Have you ever been thrown under the bus?
Well, I have, and it’s not a nice experience! But unfortunately, we may do that sometimes as ad managers. So we’re going to unpack what it may look like to act with grace as an ad manager because it’s inevitable as you go into accounts.
If you’re running campaigns for clients, there will be a few broken things along the way. For example, there will be broken funnels where you have no control over the funnel or things have been broken with ads or you’re doing audits on ad accounts and things aren’t working so well.
It’s a great thing to be able to hold your head high and treat other people with respect. Even if things haven’t been done a hundred percent the correct way, which I’ve seen so often with various ad accounts. Ad accounts that have been run by high profile people in agencies where a lot of opportunities have been missed as well as everyday ones when clients have been running their own ad accounts. So it’s about talking and communicating with them in a way that’s gracious and not throwing them under the bus.
One of the reasons I’m so passionate about this is because I was thrown under the bus, and it was not a good experience at all. It was back in about 2016 or 2017 and the ads and the webinar funnels had been going off. Things were going so well, but it started to slow down. We continued to do all this testing, changing the landing pages, testing with ads, audiences, and all the stuff you do. However, things weren’t working so well.
In hindsight, it was happening all across the board, and that goes back to the whole webinars-are-dead thing, which people have been saying for a number of years. But they’re not dead! They still work, but things are constantly changing and ads are going to be different on Facebook from one week to the next.
What might’ve worked a week ago isn’t working this week. So you’re always testing. We had been doing all of that. Lots of testing, and lots of things going on. We then decided we’ll get someone else to come in and have a look at the account. Now one of the things as an ad manager that we need to let go of is ego.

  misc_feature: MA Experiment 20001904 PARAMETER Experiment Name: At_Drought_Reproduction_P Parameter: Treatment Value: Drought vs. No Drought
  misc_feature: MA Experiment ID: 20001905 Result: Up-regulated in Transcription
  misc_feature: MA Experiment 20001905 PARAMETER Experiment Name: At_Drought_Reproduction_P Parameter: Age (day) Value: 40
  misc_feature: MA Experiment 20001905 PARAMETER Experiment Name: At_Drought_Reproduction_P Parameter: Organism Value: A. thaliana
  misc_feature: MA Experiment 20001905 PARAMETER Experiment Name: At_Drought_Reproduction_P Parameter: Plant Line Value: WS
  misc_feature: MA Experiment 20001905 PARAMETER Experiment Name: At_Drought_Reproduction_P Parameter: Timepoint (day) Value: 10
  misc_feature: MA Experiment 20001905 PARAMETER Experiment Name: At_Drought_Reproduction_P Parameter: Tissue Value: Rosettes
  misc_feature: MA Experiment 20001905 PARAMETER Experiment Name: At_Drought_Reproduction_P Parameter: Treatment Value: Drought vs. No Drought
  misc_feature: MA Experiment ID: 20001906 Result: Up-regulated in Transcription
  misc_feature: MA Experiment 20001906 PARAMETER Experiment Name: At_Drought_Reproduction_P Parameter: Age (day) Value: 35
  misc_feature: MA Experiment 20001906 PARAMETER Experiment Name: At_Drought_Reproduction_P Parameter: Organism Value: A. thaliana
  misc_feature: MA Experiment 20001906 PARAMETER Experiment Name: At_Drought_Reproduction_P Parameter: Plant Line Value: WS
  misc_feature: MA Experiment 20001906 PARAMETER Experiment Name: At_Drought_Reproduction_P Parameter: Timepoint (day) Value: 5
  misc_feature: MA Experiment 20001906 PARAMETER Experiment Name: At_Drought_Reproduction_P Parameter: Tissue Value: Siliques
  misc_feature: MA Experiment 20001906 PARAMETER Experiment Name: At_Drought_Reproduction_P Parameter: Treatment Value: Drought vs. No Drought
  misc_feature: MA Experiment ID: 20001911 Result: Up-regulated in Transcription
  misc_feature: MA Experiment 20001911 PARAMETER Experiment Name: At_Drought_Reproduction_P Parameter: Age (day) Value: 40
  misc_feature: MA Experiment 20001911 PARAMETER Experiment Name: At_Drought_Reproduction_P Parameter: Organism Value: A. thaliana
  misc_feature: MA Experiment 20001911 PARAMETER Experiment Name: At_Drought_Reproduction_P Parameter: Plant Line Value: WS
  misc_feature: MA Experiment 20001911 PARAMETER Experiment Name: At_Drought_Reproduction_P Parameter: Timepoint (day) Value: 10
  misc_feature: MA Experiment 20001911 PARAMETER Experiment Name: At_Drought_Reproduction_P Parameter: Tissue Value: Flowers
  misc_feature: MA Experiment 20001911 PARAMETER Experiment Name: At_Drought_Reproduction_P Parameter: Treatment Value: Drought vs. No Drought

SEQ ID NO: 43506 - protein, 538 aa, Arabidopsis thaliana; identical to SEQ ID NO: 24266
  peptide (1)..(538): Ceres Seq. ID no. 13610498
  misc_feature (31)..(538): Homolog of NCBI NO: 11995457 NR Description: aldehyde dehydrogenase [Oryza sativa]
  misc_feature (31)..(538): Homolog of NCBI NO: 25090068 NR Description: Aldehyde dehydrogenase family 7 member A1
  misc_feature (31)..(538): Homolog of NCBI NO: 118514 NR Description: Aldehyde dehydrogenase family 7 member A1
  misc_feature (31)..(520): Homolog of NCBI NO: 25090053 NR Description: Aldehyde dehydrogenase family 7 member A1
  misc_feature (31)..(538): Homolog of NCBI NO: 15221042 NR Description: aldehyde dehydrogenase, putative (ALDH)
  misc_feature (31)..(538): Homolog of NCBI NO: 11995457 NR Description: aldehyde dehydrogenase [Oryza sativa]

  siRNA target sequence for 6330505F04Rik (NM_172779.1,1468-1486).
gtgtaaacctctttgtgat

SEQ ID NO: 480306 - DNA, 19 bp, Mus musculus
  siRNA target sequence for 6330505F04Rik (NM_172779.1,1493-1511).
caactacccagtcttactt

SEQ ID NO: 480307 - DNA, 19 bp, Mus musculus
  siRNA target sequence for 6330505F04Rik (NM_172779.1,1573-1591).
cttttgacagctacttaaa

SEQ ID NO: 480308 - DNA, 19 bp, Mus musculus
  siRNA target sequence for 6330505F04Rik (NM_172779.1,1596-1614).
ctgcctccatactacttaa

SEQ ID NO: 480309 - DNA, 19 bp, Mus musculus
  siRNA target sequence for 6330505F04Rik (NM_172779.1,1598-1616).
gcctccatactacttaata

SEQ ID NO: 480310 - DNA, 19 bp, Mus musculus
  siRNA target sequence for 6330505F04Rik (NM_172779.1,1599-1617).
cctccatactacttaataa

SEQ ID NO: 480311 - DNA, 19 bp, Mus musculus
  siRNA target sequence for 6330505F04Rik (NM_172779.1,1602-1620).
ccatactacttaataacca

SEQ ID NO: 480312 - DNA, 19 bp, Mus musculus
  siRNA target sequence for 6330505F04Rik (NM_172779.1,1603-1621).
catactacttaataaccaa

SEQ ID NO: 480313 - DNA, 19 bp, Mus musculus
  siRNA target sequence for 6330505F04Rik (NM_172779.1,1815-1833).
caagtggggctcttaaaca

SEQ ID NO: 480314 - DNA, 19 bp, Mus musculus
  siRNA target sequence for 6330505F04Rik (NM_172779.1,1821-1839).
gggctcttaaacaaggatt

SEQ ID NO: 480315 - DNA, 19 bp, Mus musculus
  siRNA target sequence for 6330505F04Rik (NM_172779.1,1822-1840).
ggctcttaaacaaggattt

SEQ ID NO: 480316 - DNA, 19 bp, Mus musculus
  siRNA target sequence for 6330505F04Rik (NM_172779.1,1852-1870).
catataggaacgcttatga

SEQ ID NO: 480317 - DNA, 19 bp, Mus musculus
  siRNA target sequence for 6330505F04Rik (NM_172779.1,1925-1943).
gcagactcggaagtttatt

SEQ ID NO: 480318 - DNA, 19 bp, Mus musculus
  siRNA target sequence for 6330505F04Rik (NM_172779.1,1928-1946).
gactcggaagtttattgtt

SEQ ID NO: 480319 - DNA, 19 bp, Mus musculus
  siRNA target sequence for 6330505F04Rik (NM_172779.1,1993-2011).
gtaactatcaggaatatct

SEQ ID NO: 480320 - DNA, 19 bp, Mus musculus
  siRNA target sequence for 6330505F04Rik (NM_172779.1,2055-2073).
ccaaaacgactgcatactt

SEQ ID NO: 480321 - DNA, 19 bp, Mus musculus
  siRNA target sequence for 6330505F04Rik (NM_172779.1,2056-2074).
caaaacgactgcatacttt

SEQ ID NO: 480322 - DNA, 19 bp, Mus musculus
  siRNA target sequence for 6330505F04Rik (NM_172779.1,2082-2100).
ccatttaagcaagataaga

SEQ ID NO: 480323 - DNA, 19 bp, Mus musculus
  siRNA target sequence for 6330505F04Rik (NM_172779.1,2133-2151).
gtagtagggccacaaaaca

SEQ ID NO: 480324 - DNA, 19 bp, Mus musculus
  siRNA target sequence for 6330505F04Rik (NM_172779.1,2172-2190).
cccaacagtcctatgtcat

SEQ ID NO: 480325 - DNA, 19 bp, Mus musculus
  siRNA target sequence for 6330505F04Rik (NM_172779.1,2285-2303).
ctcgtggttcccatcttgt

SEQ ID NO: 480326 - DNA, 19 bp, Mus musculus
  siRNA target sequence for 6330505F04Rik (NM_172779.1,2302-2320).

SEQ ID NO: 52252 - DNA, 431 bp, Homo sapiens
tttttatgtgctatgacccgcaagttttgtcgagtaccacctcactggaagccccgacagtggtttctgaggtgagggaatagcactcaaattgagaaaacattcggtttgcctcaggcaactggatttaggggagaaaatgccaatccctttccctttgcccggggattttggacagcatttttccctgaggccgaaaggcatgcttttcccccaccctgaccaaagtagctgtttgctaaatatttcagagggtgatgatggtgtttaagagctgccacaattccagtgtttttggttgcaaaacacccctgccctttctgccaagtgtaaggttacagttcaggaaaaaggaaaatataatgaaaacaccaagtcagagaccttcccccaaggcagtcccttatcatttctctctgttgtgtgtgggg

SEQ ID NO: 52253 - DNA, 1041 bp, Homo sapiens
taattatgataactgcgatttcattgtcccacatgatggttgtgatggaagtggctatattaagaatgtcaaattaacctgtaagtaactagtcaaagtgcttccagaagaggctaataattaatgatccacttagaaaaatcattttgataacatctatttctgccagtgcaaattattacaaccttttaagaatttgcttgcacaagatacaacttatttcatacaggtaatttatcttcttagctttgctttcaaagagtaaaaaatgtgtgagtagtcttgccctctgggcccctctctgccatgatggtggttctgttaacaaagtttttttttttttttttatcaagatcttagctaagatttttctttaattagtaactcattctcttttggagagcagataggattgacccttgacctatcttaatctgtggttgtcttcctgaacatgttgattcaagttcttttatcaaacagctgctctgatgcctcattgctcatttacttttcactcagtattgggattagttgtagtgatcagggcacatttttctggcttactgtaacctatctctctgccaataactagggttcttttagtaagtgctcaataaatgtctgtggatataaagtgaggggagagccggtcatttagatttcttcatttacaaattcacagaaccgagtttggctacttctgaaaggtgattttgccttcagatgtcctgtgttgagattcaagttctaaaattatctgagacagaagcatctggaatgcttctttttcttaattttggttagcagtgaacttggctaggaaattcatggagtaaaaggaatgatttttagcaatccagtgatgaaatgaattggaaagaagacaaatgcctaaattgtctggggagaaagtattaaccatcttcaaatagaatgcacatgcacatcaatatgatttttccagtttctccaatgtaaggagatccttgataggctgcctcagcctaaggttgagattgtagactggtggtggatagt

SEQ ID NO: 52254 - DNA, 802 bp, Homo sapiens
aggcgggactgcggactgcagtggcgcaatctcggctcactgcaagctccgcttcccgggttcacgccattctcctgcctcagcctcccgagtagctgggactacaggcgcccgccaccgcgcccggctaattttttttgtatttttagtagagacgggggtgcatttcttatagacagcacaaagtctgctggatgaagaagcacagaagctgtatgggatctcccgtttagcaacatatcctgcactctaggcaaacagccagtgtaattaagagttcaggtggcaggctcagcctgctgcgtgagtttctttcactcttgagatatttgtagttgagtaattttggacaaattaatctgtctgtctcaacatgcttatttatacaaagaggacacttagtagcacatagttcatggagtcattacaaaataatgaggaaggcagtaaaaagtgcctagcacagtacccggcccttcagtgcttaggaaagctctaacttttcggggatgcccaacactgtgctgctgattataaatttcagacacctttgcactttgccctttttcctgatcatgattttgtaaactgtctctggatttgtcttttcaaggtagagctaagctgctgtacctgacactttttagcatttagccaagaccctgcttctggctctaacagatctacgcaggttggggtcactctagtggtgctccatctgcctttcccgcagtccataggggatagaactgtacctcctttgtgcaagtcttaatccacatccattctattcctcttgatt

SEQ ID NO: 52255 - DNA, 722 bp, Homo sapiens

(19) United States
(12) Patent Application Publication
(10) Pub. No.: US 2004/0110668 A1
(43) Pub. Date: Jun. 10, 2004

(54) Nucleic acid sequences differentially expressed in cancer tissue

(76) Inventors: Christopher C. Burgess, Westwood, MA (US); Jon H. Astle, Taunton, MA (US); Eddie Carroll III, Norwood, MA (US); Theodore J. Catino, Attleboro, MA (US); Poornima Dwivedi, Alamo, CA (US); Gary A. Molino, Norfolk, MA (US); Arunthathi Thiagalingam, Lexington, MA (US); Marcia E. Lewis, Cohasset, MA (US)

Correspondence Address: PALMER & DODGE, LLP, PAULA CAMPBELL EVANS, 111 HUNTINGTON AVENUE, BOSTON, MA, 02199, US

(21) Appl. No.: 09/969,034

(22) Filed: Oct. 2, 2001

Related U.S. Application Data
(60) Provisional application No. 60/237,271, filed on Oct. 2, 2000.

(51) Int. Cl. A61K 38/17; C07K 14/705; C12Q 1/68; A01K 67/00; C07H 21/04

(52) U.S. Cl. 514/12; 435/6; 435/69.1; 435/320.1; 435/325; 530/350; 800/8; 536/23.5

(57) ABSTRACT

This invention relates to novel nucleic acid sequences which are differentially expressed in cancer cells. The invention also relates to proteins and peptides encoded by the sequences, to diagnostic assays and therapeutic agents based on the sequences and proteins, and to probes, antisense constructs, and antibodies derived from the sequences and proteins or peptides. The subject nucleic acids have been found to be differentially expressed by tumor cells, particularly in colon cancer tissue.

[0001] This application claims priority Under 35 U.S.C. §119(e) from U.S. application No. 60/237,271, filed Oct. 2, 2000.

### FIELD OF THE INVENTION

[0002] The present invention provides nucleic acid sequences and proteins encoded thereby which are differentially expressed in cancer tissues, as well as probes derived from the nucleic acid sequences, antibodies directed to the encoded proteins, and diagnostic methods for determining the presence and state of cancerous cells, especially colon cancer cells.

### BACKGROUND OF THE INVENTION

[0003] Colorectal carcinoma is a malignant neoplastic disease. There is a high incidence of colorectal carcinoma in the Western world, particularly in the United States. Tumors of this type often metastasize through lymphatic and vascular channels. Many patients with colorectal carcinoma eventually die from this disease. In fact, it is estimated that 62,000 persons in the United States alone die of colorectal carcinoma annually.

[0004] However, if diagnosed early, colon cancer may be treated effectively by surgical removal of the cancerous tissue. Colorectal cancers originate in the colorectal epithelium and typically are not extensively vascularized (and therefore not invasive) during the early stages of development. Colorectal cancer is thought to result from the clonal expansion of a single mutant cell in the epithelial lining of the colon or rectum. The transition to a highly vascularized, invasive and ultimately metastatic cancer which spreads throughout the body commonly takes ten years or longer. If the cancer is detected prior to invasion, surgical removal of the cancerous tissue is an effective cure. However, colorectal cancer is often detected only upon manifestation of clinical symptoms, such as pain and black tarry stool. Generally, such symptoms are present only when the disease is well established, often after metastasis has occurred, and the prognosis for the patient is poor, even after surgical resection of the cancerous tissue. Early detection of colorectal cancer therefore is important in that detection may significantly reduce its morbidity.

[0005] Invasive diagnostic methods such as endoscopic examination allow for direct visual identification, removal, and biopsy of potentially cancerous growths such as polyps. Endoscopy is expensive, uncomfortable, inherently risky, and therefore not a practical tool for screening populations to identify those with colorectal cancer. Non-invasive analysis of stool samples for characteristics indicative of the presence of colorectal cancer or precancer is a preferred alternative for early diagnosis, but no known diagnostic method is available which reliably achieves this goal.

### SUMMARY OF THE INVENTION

You may not want anyone else to come in and look at the account because you may feel that you know what you’re doing; you don’t need anyone else to come on board and have a look. We need to surrender so that we can help our clients get the best results. Ego needs to be left at the door.
Anyway, we got a consultant who came on and who happens to have an agency as well. We got them on board to have a look at the ad account. I was on the call with my client and this other person, so it was all done in full transparency. They came in and had a look, and said, “Oh, I’d be doing X, Y, Z, blah, blah, blah.” And it’s like, I have been doing these things. If you looked at the ad account for longer than five minutes, you would actually see that, yes, I have tested this, and we have done this. We have done all of these things.
However, this person obviously had an agenda. They were keen to get a new client on board. Now all went well. My client called me up afterwards and said, “That was not how I expected that to go down. You know, I’m really sorry that you went through all of that. We’re a hundred percent happy with you and how everything’s going.”
So everything went well. But I’ve obviously remembered the experience. It’s very easy for people just to come in and have a superficial look at things.
There’s actually another time where I had another client and again, the same sort of thing. We had been trying all kinds of things for this client’s account, but just nothing was working. We’d gone and tested all the different audiences, different messaging, different angles, different avatars, different art, landing page software to speed up page load times, and even different URLs in case Facebook was hating the URLs. We’d been working on it for months.